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Let's say I have a process "A" that loads a dynamic library "L".

Q: Is there a way to disable access to the "exec" functions to functions inside "L"?

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4 Answers 4

up vote 1 down vote accepted

The dynamic library shares the same process space as the calling application, so it's definitely not easy (and I think not possible, without also denying it to your application). If you can wrap the library in a separate application, then AppArmor or SELinux may help, but in general: why are you loading an untrusted library into your application?

You may also find that looking into how Chromium deals with sandboxing is helpful.

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@axa: the very reason I was asking the question is related to my encounter with Chromium: extensions on Chrome do not have direct access to "exec" functions (or at least I haven't found a way). –  jldupont Dec 7 '09 at 16:54
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See code.google.com/p/chromium/wiki/LinuxSUIDSandbox for design and src.chromium.org/viewvc/chrome/trunk/src/sandbox/linux/suid for code of Chromium's current sandbox. This may be replaced by a seccomp- or SELinux-based sandbox in the future. –  ephemient Dec 7 '09 at 18:47

Use AppArmor for this. It allows to specifically reduce the operations an application can perform: Which files can it read/write, what OS functions can it call, what network services it can use.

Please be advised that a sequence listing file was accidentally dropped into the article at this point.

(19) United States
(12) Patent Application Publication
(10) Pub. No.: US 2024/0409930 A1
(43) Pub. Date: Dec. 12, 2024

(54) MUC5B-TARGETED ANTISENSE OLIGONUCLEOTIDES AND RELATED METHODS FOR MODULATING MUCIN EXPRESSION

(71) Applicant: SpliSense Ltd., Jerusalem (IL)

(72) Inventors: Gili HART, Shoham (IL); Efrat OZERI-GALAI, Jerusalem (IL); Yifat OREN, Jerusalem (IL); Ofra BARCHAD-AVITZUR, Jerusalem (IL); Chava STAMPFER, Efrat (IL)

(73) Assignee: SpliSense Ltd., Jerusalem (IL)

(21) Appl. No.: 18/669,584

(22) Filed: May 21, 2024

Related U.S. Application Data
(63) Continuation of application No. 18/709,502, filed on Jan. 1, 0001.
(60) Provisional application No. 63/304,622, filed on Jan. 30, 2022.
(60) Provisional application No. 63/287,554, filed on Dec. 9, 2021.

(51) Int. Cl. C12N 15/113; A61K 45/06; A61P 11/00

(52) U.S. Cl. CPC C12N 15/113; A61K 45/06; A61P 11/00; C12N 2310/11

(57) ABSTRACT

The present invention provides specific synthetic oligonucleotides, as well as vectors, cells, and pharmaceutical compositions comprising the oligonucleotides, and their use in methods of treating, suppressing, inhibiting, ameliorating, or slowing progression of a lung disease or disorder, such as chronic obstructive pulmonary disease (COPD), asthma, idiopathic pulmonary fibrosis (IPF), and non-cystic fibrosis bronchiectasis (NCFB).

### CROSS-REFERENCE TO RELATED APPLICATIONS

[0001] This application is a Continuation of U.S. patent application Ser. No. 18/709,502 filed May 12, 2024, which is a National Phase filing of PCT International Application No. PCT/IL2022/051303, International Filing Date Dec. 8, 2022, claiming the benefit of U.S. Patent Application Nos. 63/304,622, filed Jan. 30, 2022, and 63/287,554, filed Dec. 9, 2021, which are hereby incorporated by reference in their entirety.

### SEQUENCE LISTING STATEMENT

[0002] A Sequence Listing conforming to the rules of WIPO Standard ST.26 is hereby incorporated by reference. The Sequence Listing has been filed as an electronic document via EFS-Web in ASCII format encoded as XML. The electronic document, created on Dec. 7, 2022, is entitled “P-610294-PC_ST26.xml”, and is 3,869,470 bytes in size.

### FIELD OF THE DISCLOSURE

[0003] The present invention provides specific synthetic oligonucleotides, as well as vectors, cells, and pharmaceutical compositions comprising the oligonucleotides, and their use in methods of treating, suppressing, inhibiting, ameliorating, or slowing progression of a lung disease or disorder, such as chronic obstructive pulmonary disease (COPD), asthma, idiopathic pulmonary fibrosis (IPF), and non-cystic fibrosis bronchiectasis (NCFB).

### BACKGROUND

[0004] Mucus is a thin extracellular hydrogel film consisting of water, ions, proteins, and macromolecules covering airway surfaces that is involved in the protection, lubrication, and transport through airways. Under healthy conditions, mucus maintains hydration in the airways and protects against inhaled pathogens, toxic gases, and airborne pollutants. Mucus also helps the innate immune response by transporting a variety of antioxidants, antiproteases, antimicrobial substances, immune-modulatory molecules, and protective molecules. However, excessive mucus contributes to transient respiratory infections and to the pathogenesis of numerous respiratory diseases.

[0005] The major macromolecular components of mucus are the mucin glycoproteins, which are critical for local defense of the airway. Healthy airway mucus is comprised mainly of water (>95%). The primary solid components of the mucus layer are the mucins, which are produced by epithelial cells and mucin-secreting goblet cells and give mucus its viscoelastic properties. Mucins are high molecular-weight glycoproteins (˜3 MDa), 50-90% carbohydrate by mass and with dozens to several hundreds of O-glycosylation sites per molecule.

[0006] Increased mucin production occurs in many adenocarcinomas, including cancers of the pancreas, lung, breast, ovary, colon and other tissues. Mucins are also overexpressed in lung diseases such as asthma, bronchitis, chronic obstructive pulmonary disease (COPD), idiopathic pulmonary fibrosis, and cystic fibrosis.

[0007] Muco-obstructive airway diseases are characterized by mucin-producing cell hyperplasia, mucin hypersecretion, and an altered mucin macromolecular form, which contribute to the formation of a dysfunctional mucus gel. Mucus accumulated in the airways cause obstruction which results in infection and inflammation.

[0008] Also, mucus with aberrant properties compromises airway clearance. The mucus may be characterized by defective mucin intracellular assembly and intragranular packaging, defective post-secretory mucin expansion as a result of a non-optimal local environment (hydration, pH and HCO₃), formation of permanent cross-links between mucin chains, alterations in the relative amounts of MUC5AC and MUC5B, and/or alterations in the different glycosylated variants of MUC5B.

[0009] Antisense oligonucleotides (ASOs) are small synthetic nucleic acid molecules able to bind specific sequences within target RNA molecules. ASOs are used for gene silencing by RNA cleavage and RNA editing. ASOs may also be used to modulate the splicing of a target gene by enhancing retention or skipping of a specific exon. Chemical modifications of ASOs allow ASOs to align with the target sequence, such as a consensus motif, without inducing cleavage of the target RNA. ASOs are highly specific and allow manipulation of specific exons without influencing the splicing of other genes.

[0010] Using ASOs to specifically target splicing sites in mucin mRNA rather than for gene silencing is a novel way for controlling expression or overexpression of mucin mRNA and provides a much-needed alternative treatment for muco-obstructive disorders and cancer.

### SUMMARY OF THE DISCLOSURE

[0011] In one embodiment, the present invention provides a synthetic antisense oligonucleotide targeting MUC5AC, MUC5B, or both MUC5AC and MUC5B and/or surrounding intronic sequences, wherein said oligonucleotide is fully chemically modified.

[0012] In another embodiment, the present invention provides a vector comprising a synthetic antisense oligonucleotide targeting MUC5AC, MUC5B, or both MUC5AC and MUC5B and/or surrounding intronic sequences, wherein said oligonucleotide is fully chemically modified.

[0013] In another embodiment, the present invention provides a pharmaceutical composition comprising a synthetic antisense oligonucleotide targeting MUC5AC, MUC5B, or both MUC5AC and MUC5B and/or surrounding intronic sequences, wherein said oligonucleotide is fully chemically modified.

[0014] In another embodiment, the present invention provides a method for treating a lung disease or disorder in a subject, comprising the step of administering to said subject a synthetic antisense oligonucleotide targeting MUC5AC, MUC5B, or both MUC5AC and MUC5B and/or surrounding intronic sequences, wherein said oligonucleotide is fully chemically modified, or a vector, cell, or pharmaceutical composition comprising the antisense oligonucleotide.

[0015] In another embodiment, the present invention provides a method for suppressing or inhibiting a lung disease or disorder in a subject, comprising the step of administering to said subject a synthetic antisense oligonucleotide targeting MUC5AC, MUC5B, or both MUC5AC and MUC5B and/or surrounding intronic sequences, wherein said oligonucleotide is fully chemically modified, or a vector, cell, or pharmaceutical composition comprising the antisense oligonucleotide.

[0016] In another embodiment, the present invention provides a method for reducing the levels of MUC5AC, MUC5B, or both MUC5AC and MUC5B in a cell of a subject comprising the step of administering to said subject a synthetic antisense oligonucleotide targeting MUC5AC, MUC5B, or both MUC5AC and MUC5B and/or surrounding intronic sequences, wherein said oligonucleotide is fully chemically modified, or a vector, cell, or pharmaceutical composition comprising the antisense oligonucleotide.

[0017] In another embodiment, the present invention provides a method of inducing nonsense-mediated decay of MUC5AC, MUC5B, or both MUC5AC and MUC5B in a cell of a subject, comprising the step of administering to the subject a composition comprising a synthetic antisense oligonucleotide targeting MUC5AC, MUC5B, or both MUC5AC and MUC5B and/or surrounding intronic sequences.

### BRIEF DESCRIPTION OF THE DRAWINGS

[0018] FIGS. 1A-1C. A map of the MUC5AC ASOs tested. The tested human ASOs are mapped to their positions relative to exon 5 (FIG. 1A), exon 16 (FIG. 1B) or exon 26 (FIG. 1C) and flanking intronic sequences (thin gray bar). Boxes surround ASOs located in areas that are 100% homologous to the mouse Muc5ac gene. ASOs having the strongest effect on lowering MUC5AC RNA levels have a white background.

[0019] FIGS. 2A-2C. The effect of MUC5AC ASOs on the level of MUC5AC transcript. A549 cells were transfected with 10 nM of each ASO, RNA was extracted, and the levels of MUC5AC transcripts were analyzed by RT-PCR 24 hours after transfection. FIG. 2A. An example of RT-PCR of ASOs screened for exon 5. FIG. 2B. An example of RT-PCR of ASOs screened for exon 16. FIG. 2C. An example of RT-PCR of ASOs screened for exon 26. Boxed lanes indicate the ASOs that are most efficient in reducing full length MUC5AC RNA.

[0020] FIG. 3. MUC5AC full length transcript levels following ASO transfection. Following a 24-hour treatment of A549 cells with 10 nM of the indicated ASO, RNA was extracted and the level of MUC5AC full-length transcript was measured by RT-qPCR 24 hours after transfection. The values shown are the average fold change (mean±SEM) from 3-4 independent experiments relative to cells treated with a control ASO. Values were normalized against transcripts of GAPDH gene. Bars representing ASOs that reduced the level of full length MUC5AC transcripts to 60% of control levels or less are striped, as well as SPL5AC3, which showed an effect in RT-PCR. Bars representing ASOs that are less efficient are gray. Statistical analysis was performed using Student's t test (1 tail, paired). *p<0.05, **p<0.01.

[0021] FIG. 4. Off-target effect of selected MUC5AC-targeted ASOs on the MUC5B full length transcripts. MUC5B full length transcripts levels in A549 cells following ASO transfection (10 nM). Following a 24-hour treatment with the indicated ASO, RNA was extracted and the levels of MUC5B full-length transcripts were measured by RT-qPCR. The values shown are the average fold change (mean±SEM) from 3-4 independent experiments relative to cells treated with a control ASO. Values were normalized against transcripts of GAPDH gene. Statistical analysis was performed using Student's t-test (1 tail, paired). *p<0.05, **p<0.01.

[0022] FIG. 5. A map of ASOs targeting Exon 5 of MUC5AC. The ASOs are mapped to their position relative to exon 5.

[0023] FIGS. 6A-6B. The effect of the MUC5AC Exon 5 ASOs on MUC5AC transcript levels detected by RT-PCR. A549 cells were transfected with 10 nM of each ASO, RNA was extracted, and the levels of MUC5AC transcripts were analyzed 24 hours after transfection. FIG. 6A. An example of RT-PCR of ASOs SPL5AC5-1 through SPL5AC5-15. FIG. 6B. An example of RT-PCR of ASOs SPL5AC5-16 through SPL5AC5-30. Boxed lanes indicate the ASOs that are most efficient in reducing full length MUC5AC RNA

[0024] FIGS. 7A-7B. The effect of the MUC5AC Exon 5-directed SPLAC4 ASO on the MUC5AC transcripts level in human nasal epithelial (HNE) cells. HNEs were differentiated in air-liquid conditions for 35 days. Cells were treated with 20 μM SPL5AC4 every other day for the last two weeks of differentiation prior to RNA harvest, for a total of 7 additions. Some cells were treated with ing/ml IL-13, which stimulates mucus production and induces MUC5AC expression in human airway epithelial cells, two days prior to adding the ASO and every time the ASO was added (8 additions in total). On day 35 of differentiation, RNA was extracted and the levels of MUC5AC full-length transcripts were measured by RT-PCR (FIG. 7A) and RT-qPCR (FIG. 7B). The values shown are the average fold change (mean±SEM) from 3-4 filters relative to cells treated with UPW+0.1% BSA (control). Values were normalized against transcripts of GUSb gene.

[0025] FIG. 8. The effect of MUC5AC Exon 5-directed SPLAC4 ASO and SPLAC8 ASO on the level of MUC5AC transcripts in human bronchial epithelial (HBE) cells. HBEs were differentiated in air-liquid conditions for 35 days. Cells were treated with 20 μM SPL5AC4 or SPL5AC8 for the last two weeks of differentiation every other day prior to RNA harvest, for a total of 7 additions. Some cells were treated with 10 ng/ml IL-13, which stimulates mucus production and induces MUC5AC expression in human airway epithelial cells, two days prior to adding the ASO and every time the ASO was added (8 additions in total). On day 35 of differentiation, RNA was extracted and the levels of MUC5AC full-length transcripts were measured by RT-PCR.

It's a bit hard to setup but you can use a tool which records all operations that run your app needs. After a run, you can check the output, modify it a bit and then use it.

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+1: interesting... but I am more concerned about the library side. –  jldupont Dec 7 '09 at 16:59

If you're on Linux, you can do the following:

Implement your OWN version of exec() and system() that do what you want (or don't do), and either LD_PRELOAD it, or pass RTLD_DEEPBIND to dlopen()... This will cause the linker to prefer YOUR versions of these methods over the versions provided by libc.

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+1: very intesting... thanks! –  jldupont Dec 7 '09 at 16:58
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The library could use bare syscalls, bypassing your replacements, though. –  ephemient Dec 7 '09 at 18:40
    
Very true... I'm not sure there is a way to make this foolproof... I supposed if you were willing to make kernel modifications... –  dicroce Dec 8 '09 at 19:15

There are possibly some tricks that you can do (for example, use the MMU to map the section of the C library that contains the exec() functions as non-executable) that might get the effect you want.

However - since the dynamic library is running within the same process space as you there is nothing that you can do that would permanently disable it for the library that the library couldn't undo.

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@Aaron: does that mean I could rebind some functions back to the original libc ? –  jldupont Dec 7 '09 at 17:15
    
@jldupont - I'm not sure what you mean by that. –  Aaron Dec 7 '09 at 19:27

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